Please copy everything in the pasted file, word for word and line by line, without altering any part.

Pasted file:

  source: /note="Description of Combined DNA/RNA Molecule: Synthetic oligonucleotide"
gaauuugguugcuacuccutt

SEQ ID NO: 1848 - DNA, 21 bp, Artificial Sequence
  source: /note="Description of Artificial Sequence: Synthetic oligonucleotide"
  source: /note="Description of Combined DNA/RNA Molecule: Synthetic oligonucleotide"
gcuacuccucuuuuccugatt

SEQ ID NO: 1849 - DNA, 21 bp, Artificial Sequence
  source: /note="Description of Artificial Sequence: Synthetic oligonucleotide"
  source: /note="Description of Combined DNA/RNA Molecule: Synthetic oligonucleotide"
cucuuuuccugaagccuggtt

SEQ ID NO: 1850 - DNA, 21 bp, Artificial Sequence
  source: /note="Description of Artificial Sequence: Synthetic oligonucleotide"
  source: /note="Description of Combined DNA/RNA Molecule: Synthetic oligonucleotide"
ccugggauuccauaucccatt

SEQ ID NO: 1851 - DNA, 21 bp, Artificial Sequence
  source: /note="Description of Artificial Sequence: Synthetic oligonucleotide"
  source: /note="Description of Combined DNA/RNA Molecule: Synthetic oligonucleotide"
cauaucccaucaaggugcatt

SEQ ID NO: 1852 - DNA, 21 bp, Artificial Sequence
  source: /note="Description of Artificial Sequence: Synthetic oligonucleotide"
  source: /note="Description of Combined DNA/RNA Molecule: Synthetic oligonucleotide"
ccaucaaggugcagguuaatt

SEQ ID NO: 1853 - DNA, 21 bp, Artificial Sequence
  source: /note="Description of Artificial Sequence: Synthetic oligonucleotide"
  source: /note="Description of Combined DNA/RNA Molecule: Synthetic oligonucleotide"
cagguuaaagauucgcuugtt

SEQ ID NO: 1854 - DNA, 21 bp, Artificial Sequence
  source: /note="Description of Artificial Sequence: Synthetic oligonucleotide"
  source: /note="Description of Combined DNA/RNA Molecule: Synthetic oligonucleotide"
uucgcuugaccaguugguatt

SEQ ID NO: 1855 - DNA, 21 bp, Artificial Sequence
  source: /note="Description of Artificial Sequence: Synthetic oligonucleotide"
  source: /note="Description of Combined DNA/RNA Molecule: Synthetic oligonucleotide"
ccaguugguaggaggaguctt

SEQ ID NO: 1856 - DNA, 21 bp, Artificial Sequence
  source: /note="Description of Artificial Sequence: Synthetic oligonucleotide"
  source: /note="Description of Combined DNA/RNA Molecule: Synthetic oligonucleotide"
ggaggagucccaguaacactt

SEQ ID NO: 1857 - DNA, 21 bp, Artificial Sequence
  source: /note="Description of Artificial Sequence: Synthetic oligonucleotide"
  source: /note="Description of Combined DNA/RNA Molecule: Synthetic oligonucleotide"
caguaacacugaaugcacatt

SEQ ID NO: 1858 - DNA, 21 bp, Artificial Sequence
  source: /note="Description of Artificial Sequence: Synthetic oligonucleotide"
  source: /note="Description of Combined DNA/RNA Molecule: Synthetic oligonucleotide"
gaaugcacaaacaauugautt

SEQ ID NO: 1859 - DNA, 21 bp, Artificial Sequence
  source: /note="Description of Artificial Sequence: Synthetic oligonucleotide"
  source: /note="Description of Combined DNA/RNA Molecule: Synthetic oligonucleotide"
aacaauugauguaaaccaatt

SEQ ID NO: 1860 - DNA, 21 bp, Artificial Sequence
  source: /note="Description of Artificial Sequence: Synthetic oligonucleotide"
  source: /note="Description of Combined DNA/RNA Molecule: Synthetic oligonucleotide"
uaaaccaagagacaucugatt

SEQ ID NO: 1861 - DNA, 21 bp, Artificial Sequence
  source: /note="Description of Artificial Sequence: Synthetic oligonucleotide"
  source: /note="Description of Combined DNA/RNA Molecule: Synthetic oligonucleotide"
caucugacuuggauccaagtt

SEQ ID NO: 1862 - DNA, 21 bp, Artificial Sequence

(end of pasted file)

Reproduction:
  source: /note="Description of Combined DNA/RNA Molecule: Synthetic oligonucleotide"
gaauuugguugcuacuccutt

SEQ ID NO: 1848 - DNA, 21 bp, Artificial Sequence
  source: /note="Description of Artificial Sequence: Synthetic oligonucleotide"
  source: /note="Description of Combined DNA/RNA Molecule: Synthetic oligonucleotide"
gcuacuccucuuuuccugatt

SEQ ID NO: 1849 - DNA, 21 bp, Artificial Sequence
  source: /note="Description of Artificial Sequence: Synthetic oligonucleotide"
  source: /note="Description of Combined DNA/RNA Molecule: Synthetic oligonucleotide"
cucuuuuccugaagccuggtt

SEQ ID NO: 1850 - DNA, 21 bp, Artificial Sequence
  source: /note="Description of Artificial Sequence: Synthetic oligonucleotide"
  source: /note="Description of Combined DNA/RNA Molecule: Synthetic oligonucleotide"
ccugggauuccauaucccatt

SEQ ID NO: 1851 - DNA, 21 bp, Artificial Sequence
  source: /note="Description of Artificial Sequence: Synthetic oligonucleotide"
  source: /note="Description of Combined DNA/RNA Molecule: Synthetic oligonucleotide"
cauaucccaucaaggugcatt

SEQ ID NO: 1852 - DNA, 21 bp, Artificial Sequence
  source: /note="Description of Artificial Sequence: Synthetic oligonucleotide"
  source: /note="Description of Combined DNA/RNA Molecule: Synthetic oligonucleotide"
ccaucaaggugcagguuaatt

SEQ ID NO: 1853 - DNA, 21 bp, Artificial Sequence
  source: /note="Description of Artificial Sequence: Synthetic oligonucleotide"
  source: /note="Description of Combined DNA/RNA Molecule: Synthetic oligonucleotide"
cagguuaaagauucgcuugtt

SEQ ID NO: 1854 - DNA, 21 bp, Artificial Sequence
  source: /note="Description of Artificial Sequence: Synthetic oligonucleotide"
  source: /note="Description of Combined DNA/RNA Molecule: Synthetic oligonucleotide"
uucgcuugaccaguugguatt

SEQ ID NO: 1855 - DNA, 21 bp, Artificial Sequence
  source: /note="Description of Artificial Sequence: Synthetic oligonucleotide"
  source: /note="Description of Combined DNA/RNA Molecule: Synthetic oligonucleotide"
ccaguugguaggaggaguctt

SEQ ID NO: 1856 - DNA, 21 bp, Artificial Sequence
  source: /note="Description of Artificial Sequence: Synthetic oligonucleotide"
  source: /note="Description of Combined DNA/RNA Molecule: Synthetic oligonucleotide"
ggaggagucccaguaacactt

SEQ ID NO: 1857 - DNA, 21 bp, Artificial Sequence
  source: /note="Description of Artificial Sequence: Synthetic oligonucleotide"
  source: /note="Description of Combined DNA/RNA Molecule: Synthetic oligonucleotide"
caguaacacugaaugcacatt

SEQ ID NO: 1858 - DNA, 21 bp, Artificial Sequence
  source: /note="Description of Artificial Sequence: Synthetic oligonucleotide"
  source: /note="Description of Combined DNA/RNA Molecule: Synthetic oligonucleotide"
gaaugcacaaacaauugautt

SEQ ID NO: 1859 - DNA, 21 bp, Artificial Sequence
  source: /note="Description of Artificial Sequence: Synthetic oligonucleotide"
  source: /note="Description of Combined DNA/RNA Molecule: Synthetic oligonucleotide"
aacaauugauguaaaccaatt

SEQ ID NO: 1860 - DNA, 21 bp, Artificial Sequence
  source: /note="Description of Artificial Sequence: Synthetic oligonucleotide"
  source: /note="Description of Combined DNA/RNA Molecule: Synthetic oligonucleotide"
uaaaccaagagacaucugatt

SEQ ID NO: 1861 - DNA, 21 bp, Artificial Sequence
  source: /note="Description of Artificial Sequence: Synthetic oligonucleotide"
  source: /note="Description of Combined DNA/RNA Molecule: Synthetic oligonucleotide"
caucugacuuggauccaagtt

SEQ ID NO: 1862 - DNA, 21 bp, Artificial Sequence